LUNA, the maker of women’s nutrition bars, will present nine short stories by female filmmakers at the Good Acting Studio at 507 Roswell St., on Friday and Saturday starting at 6 p.m.
Michael Mario Good, who founded the studio and moved it from Sandy Springs to Marietta in January, said women have played an influential role in his life, including a single mother and stepmother.
“I had two beautiful and powerful women in my life,” Good said.
He said the festival is a chance to give back and show the important role of women in society.
Ursula Kelly, who organized the LUNAFEST film festival while living in South Carolina, made Marietta her permanent home last week and is now partnering with Good Acting Studio, which provides acting classes for young people.
Good has not seen any of the short films offered as part of LUNAFEST, but said the event should “uplift people through the arts.”
Kelly, who has screened the films, is most excited about “Blank Canvas,” which she called a story “about self.”
Directed by Sarah Berkovich, “Blank Canvas” shows one woman’s struggle with body image as she fights uterine cancer, according to the film festival’s website, lunafest.org.
Kelly said this story shows how to “bring what is inside of you out. Let your inner light shine no matter what.”
She added that women often hide behind masks, but should embrace, “This is who I am. … This is me.”
LUNAFEST not only focuses on bringing awareness to serious female issues, but also provides entertainment through comedy selections.
“I want to have a celebration,” Kelly said about watching the short films, including “Lunch Date” by Sasha Collington, about a woman being dumped by a boyfriend who sends his 14-year-old brother to break the news.
One animated film offers cultural diversity with “The Bathhouse” by Korean artist Jisoo Kim.
“The film takes the viewer on a luscious and poetic journey from the dark, polluted streets of the modern city, into the sanctuary of the Bathhouse,” as described on www.luna fest.org.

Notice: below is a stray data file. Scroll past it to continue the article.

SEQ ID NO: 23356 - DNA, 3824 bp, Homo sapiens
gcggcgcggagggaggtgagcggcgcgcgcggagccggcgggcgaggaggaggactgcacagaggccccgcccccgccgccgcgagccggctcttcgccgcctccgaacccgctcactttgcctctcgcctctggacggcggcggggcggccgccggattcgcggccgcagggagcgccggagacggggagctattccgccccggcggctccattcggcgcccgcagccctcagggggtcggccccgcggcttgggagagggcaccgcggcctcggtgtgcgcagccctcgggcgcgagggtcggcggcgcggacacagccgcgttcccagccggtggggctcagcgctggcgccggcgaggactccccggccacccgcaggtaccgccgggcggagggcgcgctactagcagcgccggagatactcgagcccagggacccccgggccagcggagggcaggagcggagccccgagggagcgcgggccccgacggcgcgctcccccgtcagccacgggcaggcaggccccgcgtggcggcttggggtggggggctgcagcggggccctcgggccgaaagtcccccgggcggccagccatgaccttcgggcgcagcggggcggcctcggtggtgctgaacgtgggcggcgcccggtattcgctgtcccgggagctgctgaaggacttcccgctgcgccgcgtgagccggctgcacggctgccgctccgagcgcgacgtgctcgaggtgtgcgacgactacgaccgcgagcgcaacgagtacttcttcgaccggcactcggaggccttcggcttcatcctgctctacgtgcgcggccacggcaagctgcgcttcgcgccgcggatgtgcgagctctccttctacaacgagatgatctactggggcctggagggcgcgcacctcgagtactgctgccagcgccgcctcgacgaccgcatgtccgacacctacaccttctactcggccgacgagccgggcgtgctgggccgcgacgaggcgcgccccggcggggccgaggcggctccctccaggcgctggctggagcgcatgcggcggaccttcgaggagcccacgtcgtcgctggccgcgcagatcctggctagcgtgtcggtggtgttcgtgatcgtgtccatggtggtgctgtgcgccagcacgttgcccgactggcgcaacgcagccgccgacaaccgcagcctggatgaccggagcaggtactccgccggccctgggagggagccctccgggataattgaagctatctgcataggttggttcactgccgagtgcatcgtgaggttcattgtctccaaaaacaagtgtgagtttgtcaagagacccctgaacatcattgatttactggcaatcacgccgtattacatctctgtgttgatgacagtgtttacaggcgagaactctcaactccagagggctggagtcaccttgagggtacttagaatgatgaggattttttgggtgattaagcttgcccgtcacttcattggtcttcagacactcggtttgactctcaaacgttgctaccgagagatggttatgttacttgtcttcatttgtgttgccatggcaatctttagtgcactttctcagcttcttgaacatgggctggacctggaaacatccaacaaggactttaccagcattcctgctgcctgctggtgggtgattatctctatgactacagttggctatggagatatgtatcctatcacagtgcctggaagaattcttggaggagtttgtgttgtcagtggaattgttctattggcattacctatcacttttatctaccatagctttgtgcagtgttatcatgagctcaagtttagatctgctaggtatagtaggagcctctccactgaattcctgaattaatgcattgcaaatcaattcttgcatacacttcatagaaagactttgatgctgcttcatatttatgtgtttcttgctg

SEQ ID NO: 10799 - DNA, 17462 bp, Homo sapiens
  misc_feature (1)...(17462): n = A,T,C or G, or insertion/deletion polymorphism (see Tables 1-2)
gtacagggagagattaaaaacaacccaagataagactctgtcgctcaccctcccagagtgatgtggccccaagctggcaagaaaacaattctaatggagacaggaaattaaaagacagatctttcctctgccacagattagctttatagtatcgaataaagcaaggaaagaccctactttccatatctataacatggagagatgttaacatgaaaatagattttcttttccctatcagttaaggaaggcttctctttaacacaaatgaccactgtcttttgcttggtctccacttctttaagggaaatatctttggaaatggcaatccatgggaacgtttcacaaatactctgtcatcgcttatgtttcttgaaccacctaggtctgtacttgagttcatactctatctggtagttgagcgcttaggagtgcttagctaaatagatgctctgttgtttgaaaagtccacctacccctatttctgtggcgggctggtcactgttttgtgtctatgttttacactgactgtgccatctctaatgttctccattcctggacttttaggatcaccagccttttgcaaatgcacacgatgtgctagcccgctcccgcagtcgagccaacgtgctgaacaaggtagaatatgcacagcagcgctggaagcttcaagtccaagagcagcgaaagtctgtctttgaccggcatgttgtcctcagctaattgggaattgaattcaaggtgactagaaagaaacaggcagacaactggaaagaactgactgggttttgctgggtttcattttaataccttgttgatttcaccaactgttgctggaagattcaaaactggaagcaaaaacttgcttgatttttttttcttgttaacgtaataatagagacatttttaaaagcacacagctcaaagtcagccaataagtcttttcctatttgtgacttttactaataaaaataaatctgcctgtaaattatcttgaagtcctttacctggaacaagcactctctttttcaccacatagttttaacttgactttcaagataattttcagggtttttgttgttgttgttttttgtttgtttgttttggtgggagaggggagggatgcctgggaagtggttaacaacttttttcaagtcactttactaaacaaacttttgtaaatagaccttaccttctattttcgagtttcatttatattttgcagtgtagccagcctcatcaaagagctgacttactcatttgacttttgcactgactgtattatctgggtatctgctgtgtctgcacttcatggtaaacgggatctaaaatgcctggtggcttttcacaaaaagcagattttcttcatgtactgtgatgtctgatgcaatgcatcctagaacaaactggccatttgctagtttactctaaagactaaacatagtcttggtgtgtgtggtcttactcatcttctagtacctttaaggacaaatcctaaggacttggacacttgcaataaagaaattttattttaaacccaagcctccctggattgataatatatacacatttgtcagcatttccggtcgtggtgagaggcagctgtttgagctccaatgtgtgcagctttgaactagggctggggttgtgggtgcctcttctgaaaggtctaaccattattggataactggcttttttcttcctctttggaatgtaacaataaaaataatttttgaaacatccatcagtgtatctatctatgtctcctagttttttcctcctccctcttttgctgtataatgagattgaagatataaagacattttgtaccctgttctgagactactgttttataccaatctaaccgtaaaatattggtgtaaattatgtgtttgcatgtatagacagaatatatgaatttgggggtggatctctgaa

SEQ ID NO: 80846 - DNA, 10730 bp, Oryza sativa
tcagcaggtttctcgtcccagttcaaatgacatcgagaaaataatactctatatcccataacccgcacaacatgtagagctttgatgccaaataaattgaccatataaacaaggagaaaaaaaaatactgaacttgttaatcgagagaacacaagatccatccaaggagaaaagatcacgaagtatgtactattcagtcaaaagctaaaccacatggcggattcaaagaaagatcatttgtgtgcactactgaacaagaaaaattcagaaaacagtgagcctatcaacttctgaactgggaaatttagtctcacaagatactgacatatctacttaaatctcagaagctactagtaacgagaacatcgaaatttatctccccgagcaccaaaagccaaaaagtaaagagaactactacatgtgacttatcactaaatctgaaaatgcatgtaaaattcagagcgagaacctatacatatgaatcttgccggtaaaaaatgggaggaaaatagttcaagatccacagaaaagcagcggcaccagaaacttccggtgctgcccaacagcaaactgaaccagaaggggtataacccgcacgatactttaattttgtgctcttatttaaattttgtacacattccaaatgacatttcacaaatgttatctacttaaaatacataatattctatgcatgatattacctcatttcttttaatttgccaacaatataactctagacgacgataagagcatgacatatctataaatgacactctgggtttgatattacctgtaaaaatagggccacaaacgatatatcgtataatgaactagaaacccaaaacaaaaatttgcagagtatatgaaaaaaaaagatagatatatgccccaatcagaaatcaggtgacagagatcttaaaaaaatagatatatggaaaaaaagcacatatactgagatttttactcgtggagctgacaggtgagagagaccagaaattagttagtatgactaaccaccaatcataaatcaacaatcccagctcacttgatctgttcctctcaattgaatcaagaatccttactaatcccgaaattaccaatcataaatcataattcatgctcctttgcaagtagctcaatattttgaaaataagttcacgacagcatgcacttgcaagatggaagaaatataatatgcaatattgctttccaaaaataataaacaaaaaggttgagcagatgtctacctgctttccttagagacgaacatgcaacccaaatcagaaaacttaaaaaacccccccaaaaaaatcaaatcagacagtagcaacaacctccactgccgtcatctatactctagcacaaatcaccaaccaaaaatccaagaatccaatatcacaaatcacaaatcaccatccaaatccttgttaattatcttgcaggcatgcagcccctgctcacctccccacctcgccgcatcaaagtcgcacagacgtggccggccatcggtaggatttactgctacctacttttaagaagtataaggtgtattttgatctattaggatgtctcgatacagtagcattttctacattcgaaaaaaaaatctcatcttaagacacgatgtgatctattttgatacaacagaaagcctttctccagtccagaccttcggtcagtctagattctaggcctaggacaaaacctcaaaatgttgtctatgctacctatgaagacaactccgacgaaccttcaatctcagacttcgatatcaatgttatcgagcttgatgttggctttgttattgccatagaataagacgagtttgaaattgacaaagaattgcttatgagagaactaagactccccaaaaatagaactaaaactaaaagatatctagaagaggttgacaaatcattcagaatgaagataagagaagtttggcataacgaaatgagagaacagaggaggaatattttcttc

Fun in fundraising
Each LUNAFEST event donates 100 percent of the proceeds to charity, with 15 percent going to the Breast Cancer Fund each year, according to www.luna fest.org.
As the local host, who is focused on empowerment at a young age, Kelly said she approached the Marietta chapter of Girls Inc. to receive the rest of the money raised.
At the end of March, the organization asked members 11 to 16 years of age to write an essay about why they would like to take acting classes or “What contributions will you make to the world?” according to Kelly.
The three girls who responded — 11-year-olds Trizae Barton and Kally Ponce and 15-year-old Lauryn Stephenson — will be presented with $500 scholarships for the Good Acting Studio, said Kelly.
Barton, who started with Girls Inc. this year after moving from Austell, said she wrote the essay because she likes “opening up to people and trying different things.”
The 10, 90-minute classes will teach performance basics, acting for the camera and how to improve techniques, Good said.
Barton said this will be the first time she has tried acting and is most excited about the chance to express herself, but added that portraying different emotions will be the hardest.
Good said the series will finish with a taped audition the girls can submit to an agent for representation.
“Our philosophy is to provide training for the total actor,” said Good, who added that the studio moved in January from the Sandy Springs area to Marietta because of the city’s support of the arts. The studio is near the intersection of Roswell and Fairground streets.
Once a public school teacher, Good said acting helps with self-esteem, promotes “thinking outside of the box,” and builds teamwork skills.
“It is very rewarding to be able to influence and inspire young students with something I am passionate about,” Good said.
In her essay, Barton wrote that she would contribute to the world “a building for the little kids who want to sing, dance, model or act.” A place that “kids who have anger problems” could come every day, Barton added.
“(Kids) would sit in a circle and talk about their problems … and become better at showing their emotions and start being nicer,” Barton said.